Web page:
When Jesus entered a boat, he was leaving the western Jewish side of the Sea of Galilee and was traveling to the eastern pagan side. When a storm arose, the disciples panicked and begged for the Lord’s help. After calming the storm, Jesus asked them a rhetorical question, “Where is your faith?” This story recalls the story of Jonah, who was thrown overboard in a storm. As Jonah spent 3 days in the belly of the fish, so too did Jesus spend 3 days in the tomb. As Jonah was expelled by the fish onto the shore, so too did Jesus break forth from the tomb.
Upon arriving on the pagan side of the lake (to the region of the Decapolis), Jesus encountered the Gerasene demoniac, who wandered naked amongst the tombs. Jesus restored the man’s dignity, asking for his name and driving the legion of demons into a heard of swine, who promptly threw themselves off a cliff into the sea, which is symbolic of the abyss from which the demons came. The healed man begged to follow Jesus, but instead Jesus instructed him to tell others what God had done for him. This evangelization set the stage for the miraculous feeding of 4000 that occurred at a later date when Jesus returns to the Decapolis (Matthew 15, Mark 8).
When Jesus returned to the Jewish side of the lake, he was greeted by the news that the twelve-year-old daughter of Jairus was near death, so he set off to see her. Along the way, a woman afflicted with a hemorrhage for 12 years reached out to touch Jesus’ garment, in the hopes that her suffering would be put to an end. This beautiful miracle within a miracle is steeped with spiritual significance. Because of her bleeding, this woman would have been ritually unclean for 12 years as prescribed Leviticus 15. Through her faith in Jesus, the woman was immediately healed by touching the fringe of Jesus’ clothes. Because the healing was instantaneous, Jesus remained ritually clean and was not subject to the prohibitions outlined in Leviticus 15. Upon arriving to Jairus’ house, Jesus was told that he was too late, and the child had already died. Jesus replied, “Do not fear. Only believe, and she will be saved.” Taking Peter, James and John with him into the parents’ house, Jesus commanded the child to get up. Her spirit returned and she immediately got up.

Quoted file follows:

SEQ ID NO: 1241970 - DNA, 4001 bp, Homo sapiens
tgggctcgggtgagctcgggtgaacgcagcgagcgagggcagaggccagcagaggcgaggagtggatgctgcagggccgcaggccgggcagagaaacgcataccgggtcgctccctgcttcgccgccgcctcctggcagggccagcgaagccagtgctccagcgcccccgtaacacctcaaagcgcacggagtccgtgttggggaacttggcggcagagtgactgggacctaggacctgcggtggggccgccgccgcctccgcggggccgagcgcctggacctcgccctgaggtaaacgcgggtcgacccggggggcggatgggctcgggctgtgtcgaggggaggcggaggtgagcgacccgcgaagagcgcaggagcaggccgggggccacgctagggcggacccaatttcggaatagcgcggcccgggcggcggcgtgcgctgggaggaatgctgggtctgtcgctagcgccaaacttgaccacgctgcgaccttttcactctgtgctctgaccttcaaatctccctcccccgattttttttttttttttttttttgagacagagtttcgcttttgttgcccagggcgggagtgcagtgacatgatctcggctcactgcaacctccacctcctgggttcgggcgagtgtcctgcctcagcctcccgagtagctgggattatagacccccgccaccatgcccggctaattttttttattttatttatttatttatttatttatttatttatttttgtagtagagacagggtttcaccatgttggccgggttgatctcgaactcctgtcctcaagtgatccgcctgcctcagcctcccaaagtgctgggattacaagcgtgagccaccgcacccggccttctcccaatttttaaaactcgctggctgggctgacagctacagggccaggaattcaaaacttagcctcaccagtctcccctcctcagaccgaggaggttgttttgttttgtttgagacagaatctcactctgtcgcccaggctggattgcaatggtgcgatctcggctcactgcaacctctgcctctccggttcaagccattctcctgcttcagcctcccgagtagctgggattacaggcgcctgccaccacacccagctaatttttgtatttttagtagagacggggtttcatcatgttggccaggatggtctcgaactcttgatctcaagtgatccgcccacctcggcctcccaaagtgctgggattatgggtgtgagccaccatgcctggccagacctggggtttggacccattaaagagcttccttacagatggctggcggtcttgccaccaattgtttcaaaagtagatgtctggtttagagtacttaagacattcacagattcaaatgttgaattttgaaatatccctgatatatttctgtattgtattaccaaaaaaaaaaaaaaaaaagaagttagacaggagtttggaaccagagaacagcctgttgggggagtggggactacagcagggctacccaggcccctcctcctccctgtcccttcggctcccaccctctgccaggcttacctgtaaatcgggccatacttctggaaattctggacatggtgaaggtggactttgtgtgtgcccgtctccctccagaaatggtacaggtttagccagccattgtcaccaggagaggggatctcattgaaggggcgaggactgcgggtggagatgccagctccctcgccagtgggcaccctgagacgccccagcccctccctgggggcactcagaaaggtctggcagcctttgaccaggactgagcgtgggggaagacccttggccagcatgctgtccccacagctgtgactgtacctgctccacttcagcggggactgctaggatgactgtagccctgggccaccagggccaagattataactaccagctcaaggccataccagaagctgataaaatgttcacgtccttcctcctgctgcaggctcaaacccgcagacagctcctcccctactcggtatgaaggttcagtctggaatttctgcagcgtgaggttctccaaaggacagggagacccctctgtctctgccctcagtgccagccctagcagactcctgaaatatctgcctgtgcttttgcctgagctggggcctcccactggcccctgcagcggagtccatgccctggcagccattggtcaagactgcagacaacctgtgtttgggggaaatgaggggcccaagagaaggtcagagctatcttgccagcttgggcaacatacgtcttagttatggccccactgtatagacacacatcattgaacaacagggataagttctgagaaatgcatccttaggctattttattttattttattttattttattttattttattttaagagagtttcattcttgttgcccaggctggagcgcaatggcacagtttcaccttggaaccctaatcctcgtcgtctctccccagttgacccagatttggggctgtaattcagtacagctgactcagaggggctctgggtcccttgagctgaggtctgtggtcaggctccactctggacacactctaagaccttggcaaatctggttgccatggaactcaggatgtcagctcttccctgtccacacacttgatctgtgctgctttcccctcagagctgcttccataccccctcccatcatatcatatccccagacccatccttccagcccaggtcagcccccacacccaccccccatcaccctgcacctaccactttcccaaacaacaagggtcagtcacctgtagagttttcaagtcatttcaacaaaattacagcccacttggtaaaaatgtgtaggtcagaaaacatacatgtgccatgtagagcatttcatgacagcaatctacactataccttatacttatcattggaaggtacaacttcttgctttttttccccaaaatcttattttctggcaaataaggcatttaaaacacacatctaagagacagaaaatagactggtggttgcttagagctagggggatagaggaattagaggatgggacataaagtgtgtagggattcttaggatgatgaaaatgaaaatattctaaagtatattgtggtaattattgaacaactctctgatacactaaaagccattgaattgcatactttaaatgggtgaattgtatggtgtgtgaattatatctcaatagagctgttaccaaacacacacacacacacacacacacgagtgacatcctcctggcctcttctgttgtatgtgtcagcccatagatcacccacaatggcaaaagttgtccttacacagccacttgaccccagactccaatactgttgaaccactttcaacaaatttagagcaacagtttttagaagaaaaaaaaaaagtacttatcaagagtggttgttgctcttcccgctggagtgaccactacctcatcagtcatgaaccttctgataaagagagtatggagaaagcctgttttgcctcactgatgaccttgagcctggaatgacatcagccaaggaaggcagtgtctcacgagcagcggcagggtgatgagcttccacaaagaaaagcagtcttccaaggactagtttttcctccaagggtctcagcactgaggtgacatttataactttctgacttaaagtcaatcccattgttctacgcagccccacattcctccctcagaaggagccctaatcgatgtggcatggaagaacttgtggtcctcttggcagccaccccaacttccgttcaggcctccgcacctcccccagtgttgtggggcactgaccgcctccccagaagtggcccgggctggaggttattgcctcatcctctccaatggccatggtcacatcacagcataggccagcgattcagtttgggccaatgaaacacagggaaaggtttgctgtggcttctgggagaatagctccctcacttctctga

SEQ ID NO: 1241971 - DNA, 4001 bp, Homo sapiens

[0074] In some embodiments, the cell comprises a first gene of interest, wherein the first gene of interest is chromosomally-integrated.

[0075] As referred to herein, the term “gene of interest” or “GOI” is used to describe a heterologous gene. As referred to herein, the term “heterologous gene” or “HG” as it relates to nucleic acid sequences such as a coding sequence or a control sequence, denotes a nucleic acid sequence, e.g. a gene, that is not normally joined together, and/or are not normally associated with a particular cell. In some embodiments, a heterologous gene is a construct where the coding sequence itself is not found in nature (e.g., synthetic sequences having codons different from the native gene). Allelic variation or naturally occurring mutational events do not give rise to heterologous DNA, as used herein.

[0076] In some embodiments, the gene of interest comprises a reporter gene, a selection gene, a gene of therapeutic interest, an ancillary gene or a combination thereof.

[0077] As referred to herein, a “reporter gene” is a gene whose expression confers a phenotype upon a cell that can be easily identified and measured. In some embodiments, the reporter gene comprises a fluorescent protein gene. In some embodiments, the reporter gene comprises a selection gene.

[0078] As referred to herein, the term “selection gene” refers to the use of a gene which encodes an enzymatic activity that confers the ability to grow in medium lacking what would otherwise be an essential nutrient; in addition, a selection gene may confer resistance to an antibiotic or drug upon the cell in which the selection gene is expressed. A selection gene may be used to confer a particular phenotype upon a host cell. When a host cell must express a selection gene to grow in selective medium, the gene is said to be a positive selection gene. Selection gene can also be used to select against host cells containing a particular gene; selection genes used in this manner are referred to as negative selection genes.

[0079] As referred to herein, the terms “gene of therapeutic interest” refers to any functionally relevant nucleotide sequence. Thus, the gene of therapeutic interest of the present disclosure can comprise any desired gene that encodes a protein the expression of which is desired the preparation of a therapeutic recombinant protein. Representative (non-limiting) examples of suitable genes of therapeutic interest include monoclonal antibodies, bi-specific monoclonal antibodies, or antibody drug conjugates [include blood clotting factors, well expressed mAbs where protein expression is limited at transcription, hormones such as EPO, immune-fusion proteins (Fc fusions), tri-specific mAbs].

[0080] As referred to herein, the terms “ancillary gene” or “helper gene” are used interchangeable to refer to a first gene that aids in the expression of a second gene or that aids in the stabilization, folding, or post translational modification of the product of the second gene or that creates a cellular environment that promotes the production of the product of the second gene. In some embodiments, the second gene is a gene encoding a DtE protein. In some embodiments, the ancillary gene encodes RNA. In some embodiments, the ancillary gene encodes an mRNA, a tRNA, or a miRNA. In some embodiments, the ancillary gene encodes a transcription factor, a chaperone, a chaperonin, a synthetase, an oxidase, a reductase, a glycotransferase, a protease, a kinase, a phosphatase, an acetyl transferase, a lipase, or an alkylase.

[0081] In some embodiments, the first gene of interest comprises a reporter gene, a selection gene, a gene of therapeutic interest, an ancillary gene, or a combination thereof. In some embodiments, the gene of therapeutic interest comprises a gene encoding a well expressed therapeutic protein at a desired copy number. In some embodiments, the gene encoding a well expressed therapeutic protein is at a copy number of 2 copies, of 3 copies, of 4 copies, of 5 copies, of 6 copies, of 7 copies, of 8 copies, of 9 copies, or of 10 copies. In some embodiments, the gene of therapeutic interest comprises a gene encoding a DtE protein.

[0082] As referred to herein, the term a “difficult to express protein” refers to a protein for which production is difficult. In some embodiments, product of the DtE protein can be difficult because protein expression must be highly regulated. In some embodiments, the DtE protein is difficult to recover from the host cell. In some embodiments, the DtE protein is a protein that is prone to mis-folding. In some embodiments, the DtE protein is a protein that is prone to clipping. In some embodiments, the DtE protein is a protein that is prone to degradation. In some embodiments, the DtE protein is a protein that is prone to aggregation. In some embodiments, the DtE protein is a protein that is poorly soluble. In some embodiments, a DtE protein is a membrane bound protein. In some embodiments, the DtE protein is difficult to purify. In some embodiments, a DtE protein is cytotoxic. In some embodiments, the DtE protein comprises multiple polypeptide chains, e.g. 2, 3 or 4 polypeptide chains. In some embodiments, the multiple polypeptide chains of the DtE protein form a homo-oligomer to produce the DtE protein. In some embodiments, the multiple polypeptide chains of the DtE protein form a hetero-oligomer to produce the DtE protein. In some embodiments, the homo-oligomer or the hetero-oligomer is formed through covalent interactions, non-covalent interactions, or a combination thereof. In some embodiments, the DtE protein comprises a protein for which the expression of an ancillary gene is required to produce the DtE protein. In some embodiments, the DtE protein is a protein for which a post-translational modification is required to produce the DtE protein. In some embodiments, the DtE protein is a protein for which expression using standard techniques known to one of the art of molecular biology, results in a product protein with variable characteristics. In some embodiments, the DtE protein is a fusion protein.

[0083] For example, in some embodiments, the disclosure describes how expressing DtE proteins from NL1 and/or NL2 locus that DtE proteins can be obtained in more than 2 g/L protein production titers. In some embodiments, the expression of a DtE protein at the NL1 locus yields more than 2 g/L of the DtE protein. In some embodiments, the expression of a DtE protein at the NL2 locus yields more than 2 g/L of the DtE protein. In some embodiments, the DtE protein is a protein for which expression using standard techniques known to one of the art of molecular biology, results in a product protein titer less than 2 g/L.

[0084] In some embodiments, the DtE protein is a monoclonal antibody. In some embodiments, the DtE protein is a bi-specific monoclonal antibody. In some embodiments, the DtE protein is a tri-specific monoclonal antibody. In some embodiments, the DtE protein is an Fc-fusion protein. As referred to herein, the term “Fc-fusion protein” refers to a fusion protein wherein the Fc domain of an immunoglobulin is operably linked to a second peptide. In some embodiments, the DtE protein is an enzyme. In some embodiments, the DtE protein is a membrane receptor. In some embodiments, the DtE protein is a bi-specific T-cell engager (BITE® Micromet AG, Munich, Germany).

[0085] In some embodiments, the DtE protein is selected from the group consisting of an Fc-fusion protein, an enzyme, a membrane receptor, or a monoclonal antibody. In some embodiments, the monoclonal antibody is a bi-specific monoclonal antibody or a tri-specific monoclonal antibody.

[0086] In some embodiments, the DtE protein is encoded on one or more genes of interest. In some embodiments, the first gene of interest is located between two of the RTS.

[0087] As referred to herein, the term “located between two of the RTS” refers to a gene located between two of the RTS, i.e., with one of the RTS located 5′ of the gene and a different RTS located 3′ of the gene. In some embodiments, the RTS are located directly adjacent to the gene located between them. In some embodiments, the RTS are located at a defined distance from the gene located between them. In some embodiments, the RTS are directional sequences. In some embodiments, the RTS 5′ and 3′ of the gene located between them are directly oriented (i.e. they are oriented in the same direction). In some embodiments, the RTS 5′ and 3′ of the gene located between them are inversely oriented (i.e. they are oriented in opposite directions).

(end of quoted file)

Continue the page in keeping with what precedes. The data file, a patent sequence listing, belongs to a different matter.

These two miracles have a deep spiritual meaning beyond the physical healing of the woman hemorrhaging for 12 years and the raising of the 12-year-old girl. Recall that the number 12 is symbolic for “governance”: the twelve tribes of Israel; the 12 apostles. The woman represents old daughter Zion, who is no longer bearing fruit and the young girl represents new daughter Zion. Before Jesus, Israel was subject to the laws of the Old Covenant. Jesus brings healing to the hemorrhaging woman, just as he brings healing to Israel. Jesus brings life to the young girl, just as he brings life to Israel, ushering in a new governance and a New Covenant.
©2019 Seeking Truth Catholic Bible Study
Sharon Doran serves as the teaching director of “Seeking Truth.” An experienced Bible Study teacher, Sharon has a passion for scripture that will motivate and challenge you to immerse yourself in God’s Word and apply His message to your everyday life.
For more in this series, visit the Seeking Truth with Sharon Doran Discerning Hearts page.
“Seeking Truth” is an in-depth Catholic Bible Study commissioned by the Archdiocese of Omaha in response to John Paul II’s call to the New Evangelization as well as Pope Benedict XVI’s exhortation for all Catholics to study scripture. To learn more, go to www.seekingtruth.net